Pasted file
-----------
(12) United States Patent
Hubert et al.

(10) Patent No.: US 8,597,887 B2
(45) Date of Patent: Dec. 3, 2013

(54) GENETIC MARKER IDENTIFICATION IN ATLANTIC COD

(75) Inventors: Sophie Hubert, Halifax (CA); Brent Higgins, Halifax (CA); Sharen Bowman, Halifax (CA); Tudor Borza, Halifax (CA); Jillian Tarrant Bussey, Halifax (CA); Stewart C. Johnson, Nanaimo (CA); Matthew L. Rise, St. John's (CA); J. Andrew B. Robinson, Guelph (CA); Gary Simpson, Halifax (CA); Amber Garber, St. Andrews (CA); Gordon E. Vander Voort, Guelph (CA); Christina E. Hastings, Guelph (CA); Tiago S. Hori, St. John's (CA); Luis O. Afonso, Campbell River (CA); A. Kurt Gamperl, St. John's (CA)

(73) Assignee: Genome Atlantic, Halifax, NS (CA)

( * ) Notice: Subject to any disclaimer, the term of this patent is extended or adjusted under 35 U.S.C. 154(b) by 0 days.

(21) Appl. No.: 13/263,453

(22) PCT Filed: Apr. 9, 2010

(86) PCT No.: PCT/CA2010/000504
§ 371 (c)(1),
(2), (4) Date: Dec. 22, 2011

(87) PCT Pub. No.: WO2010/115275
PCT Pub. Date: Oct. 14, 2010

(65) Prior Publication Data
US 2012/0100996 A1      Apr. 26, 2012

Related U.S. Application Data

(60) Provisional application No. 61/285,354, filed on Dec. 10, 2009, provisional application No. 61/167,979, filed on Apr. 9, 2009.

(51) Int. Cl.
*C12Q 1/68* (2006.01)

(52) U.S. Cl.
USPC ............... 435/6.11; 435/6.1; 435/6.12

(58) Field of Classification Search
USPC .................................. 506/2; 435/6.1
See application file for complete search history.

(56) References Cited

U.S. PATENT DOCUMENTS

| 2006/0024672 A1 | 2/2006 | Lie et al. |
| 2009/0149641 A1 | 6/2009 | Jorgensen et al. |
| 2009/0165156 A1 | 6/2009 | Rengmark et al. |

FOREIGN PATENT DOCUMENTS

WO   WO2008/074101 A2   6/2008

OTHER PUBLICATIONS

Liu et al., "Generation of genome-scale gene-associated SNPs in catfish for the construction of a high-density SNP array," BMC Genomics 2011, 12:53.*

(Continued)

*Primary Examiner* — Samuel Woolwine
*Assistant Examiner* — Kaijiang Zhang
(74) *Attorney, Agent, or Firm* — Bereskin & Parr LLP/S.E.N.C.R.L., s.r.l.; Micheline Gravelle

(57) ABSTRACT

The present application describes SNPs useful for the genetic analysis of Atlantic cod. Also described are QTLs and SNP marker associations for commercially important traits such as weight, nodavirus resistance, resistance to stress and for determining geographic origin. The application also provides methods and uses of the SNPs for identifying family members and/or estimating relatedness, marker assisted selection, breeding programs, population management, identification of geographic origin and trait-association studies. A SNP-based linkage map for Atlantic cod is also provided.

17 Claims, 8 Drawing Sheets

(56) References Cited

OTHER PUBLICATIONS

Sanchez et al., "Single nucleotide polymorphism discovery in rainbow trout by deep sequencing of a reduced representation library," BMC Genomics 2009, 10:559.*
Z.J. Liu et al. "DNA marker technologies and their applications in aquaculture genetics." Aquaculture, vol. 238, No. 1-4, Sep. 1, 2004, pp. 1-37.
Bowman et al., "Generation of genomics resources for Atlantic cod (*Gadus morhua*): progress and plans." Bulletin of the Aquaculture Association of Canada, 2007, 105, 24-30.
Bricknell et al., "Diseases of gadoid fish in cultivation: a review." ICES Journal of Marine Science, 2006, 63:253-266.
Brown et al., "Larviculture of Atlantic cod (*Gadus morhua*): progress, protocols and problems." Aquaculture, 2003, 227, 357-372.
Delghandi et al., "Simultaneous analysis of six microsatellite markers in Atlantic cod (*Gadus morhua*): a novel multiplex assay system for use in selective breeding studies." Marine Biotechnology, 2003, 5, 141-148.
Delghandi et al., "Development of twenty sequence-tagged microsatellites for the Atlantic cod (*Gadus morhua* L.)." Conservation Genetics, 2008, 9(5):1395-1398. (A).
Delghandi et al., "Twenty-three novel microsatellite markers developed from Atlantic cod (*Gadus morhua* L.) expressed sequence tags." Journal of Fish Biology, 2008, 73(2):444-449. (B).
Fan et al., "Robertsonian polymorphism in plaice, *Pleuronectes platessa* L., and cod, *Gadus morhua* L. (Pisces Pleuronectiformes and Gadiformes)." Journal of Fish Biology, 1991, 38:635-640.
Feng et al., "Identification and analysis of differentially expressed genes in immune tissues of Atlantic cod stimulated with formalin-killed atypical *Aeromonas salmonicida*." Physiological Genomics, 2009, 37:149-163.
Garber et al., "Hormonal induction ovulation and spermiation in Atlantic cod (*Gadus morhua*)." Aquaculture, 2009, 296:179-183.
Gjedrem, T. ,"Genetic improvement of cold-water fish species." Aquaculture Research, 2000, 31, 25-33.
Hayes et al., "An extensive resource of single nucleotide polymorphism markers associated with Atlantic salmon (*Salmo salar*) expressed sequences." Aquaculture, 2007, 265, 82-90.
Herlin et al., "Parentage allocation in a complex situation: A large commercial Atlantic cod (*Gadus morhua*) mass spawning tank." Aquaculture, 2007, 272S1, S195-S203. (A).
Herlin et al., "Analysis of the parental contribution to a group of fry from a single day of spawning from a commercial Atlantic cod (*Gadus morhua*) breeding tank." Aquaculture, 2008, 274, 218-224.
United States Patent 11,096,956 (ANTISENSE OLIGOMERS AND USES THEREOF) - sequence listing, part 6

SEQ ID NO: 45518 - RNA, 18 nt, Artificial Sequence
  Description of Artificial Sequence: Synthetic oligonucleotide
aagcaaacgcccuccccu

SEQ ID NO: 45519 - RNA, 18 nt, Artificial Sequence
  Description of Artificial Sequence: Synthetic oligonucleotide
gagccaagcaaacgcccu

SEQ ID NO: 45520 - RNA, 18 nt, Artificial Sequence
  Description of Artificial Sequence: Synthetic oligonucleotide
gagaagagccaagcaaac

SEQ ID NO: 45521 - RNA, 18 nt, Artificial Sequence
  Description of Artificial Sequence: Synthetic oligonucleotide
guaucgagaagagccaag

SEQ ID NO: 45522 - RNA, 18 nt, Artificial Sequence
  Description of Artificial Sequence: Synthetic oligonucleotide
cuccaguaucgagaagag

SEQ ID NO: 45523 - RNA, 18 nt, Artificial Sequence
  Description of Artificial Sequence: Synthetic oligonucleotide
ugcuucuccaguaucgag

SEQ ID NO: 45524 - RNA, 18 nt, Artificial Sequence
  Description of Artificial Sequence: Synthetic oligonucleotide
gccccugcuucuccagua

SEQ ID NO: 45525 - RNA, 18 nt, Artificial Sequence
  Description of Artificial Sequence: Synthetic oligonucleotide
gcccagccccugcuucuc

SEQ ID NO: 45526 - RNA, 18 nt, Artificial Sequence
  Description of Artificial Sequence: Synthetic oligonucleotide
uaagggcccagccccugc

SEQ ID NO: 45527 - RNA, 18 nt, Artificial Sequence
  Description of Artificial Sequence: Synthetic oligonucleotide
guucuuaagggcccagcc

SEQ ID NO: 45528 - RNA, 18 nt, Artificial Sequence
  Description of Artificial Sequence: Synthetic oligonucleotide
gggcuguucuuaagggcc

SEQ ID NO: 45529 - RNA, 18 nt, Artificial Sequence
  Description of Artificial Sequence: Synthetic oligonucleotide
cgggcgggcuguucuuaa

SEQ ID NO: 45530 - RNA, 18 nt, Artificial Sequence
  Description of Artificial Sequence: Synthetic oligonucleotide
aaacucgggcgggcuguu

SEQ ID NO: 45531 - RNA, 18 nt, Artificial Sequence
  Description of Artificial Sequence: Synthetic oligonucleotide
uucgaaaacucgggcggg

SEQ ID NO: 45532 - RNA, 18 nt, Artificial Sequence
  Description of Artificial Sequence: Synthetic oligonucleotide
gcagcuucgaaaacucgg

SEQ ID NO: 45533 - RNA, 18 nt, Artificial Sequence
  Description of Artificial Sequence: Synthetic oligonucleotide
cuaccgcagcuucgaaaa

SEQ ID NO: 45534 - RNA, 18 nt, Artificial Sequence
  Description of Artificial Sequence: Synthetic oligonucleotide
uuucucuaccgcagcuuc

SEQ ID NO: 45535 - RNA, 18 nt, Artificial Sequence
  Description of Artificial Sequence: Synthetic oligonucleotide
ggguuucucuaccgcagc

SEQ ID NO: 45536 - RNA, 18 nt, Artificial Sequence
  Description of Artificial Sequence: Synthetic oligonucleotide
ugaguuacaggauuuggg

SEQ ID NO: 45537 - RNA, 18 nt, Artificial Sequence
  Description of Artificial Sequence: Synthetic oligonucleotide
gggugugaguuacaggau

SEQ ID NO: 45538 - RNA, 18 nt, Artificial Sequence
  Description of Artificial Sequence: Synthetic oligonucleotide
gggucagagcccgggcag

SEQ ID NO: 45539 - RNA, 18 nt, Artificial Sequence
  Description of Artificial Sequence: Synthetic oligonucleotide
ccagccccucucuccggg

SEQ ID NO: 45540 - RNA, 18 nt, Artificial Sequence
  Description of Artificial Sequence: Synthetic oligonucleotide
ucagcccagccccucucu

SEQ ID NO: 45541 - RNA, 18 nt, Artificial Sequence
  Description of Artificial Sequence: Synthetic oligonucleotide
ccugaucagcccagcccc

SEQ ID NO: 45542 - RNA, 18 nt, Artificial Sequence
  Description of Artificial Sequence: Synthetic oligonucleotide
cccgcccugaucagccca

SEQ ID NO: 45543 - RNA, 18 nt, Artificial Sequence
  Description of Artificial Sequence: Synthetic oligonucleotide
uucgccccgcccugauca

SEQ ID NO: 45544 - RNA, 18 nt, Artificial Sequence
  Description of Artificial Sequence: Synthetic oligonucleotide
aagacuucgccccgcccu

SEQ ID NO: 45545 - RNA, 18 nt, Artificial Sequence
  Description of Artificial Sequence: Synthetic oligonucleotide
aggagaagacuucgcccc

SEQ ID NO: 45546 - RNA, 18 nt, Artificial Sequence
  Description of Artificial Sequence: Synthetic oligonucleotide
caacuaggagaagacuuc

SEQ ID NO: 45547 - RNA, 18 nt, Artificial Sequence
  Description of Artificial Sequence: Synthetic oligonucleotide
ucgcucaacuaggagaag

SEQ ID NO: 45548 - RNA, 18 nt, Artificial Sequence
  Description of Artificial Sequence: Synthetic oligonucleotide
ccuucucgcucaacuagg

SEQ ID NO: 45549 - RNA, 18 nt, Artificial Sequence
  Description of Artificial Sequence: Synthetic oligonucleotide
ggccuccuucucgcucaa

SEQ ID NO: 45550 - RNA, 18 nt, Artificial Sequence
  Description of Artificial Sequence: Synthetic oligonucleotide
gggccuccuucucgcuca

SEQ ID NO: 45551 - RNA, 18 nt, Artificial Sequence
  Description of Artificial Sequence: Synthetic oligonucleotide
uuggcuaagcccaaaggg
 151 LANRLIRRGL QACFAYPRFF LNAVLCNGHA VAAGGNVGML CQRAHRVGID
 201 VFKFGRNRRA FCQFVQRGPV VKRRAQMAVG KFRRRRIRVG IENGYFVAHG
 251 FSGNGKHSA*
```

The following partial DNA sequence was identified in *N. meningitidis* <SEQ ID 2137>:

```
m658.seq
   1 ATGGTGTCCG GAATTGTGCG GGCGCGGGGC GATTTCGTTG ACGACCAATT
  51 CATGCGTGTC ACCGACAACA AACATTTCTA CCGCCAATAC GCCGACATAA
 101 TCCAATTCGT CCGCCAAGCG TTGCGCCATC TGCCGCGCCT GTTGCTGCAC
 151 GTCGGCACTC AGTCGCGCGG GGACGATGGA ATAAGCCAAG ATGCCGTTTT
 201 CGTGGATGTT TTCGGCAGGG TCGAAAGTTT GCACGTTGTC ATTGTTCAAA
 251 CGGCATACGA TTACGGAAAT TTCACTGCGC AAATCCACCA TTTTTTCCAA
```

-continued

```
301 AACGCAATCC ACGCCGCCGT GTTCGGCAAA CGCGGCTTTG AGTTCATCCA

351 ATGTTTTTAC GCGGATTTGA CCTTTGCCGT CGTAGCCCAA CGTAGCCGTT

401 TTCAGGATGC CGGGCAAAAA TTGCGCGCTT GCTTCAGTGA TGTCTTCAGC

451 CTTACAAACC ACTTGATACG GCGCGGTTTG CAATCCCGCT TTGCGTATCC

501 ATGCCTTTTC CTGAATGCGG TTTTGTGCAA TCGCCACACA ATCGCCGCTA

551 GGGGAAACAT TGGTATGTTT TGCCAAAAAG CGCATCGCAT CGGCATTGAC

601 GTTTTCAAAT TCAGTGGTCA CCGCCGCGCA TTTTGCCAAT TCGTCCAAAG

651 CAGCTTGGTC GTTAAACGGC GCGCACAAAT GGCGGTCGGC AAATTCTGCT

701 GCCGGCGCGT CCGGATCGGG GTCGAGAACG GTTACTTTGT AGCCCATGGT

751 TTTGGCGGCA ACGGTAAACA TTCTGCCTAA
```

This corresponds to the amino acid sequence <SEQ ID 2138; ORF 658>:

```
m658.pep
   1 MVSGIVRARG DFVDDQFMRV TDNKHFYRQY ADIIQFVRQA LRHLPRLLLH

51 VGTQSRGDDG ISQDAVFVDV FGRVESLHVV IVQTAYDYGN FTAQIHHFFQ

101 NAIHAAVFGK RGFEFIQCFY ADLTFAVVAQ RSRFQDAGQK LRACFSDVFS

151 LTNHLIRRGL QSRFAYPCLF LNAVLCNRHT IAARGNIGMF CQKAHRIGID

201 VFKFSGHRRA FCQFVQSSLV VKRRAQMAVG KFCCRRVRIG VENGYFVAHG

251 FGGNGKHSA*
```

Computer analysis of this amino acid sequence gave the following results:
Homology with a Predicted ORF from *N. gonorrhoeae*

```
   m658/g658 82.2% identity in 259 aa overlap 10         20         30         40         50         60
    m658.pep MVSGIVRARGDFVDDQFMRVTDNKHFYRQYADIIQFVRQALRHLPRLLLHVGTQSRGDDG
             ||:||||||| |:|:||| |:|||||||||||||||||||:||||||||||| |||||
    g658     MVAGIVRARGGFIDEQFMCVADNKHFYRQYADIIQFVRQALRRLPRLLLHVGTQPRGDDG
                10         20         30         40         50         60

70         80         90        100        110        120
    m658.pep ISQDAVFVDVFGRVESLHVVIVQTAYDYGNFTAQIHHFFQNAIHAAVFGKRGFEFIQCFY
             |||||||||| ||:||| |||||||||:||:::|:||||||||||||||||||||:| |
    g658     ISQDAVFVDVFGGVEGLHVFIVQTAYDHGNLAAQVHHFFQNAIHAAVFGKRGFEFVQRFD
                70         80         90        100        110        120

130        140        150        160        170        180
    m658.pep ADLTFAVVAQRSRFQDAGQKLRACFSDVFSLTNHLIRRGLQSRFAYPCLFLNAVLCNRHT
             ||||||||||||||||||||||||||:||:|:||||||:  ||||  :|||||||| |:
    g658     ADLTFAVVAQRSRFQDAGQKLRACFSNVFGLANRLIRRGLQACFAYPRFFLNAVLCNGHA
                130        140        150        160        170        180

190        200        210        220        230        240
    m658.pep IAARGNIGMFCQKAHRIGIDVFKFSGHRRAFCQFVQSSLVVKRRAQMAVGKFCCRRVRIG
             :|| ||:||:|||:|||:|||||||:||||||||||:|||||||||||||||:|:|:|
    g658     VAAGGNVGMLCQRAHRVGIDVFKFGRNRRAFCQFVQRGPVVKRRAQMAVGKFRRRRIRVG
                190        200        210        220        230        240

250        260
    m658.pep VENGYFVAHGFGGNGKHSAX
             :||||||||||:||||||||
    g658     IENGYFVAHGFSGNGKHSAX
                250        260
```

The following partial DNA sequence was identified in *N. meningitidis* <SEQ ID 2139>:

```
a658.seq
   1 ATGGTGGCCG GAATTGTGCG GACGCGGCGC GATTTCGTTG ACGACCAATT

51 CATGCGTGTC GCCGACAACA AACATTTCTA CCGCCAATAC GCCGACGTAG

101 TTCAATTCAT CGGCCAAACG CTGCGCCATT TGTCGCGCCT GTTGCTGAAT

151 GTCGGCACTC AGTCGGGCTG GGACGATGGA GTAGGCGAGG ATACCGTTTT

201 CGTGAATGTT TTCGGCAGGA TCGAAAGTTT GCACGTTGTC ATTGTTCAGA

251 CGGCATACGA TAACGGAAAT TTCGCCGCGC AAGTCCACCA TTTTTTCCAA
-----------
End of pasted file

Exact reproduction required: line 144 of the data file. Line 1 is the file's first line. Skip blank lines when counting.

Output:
aggagaagacuucgcccc